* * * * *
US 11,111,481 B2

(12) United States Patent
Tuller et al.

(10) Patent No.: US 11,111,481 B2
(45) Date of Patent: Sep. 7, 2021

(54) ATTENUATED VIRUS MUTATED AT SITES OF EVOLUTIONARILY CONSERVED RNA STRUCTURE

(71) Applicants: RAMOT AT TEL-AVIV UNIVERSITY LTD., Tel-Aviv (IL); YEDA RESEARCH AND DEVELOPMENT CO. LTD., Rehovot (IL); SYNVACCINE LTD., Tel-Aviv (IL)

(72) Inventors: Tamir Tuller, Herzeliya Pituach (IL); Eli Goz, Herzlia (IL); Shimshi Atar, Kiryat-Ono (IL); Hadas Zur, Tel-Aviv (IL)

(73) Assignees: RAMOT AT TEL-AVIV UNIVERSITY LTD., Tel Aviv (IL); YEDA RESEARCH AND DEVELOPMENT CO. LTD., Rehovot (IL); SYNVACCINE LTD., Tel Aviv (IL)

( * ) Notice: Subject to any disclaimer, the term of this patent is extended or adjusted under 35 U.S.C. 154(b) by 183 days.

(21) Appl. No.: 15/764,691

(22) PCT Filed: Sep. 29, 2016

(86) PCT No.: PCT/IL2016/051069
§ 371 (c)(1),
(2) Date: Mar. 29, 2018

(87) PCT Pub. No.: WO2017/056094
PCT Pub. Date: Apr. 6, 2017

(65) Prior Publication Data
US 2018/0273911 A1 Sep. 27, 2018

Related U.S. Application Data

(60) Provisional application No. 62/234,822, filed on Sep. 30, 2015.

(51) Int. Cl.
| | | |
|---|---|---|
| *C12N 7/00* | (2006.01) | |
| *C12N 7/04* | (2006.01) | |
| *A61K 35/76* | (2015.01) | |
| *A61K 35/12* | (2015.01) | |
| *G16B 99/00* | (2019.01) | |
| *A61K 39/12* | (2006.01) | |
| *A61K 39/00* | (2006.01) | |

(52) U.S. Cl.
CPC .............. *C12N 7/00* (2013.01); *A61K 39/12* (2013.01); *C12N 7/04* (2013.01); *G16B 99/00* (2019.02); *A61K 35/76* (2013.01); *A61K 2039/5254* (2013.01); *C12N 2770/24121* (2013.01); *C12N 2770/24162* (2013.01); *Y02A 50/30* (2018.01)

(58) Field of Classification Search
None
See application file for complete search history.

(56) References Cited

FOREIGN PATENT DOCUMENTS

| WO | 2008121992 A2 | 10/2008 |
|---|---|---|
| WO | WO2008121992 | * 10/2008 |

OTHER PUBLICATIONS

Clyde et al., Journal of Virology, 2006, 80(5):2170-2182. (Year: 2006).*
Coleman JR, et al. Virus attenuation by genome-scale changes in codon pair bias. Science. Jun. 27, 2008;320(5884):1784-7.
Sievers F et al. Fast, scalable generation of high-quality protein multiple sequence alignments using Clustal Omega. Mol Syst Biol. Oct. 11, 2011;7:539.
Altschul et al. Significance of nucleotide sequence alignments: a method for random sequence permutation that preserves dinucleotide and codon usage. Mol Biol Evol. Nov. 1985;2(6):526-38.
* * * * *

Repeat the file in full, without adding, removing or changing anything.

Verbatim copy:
US 11,111,481 B2

(12) United States Patent
Tuller et al.

(10) Patent No.: US 11,111,481 B2
(45) Date of Patent: Sep. 7, 2021

(54) ATTENUATED VIRUS MUTATED AT SITES OF EVOLUTIONARILY CONSERVED RNA STRUCTURE

(71) Applicants: RAMOT AT TEL-AVIV UNIVERSITY LTD., Tel-Aviv (IL); YEDA RESEARCH AND DEVELOPMENT CO. LTD., Rehovot (IL); SYNVACCINE LTD., Tel-Aviv (IL)

(72) Inventors: Tamir Tuller, Herzeliya Pituach (IL); Eli Goz, Herzlia (IL); Shimshi Atar, Kiryat-Ono (IL); Hadas Zur, Tel-Aviv (IL)

(73) Assignees: RAMOT AT TEL-AVIV UNIVERSITY LTD., Tel Aviv (IL); YEDA RESEARCH AND DEVELOPMENT CO. LTD., Rehovot (IL); SYNVACCINE LTD., Tel Aviv (IL)

( * ) Notice: Subject to any disclaimer, the term of this patent is extended or adjusted under 35 U.S.C. 154(b) by 183 days.

(21) Appl. No.: 15/764,691

(22) PCT Filed: Sep. 29, 2016

(86) PCT No.: PCT/IL2016/051069
§ 371 (c)(1),
(2) Date: Mar. 29, 2018

(87) PCT Pub. No.: WO2017/056094
PCT Pub. Date: Apr. 6, 2017

(65) Prior Publication Data
US 2018/0273911 A1 Sep. 27, 2018

Related U.S. Application Data

(60) Provisional application No. 62/234,822, filed on Sep. 30, 2015.

(51) Int. Cl.
| | | |
|---|---|---|
| *C12N 7/00* | (2006.01) | |
| *C12N 7/04* | (2006.01) | |
| *A61K 35/76* | (2015.01) | |
| *A61K 35/12* | (2015.01) | |
| *G16B 99/00* | (2019.01) | |
| *A61K 39/12* | (2006.01) | |
| *A61K 39/00* | (2006.01) | |

(52) U.S. Cl.
CPC .............. *C12N 7/00* (2013.01); *A61K 39/12* (2013.01); *C12N 7/04* (2013.01); *G16B 99/00* (2019.02); *A61K 35/76* (2013.01); *A61K 2039/5254* (2013.01); *C12N 2770/24121* (2013.01); *C12N 2770/24162* (2013.01); *Y02A 50/30* (2018.01)

(58) Field of Classification Search
None
See application file for complete search history.

(56) References Cited

FOREIGN PATENT DOCUMENTS

| WO | 2008121992 A2 | 10/2008 |
|---|---|---|
| WO | WO2008121992 | * 10/2008 |

OTHER PUBLICATIONS

Clyde et al., Journal of Virology, 2006, 80(5):2170-2182. (Year: 2006).*
Coleman JR, et al. Virus attenuation by genome-scale changes in codon pair bias. Science. Jun. 27, 2008;320(5884):1784-7.
Sievers F et al. Fast, scalable generation of high-quality protein multiple sequence alignments using Clustal Omega. Mol Syst Biol. Oct. 11, 2011;7:539.
Altschul et al. Significance of nucleotide sequence alignments: a method for random sequence permutation that preserves dinucleotide and codon usage. Mol Biol Evol. Nov. 1985;2(6):526-38.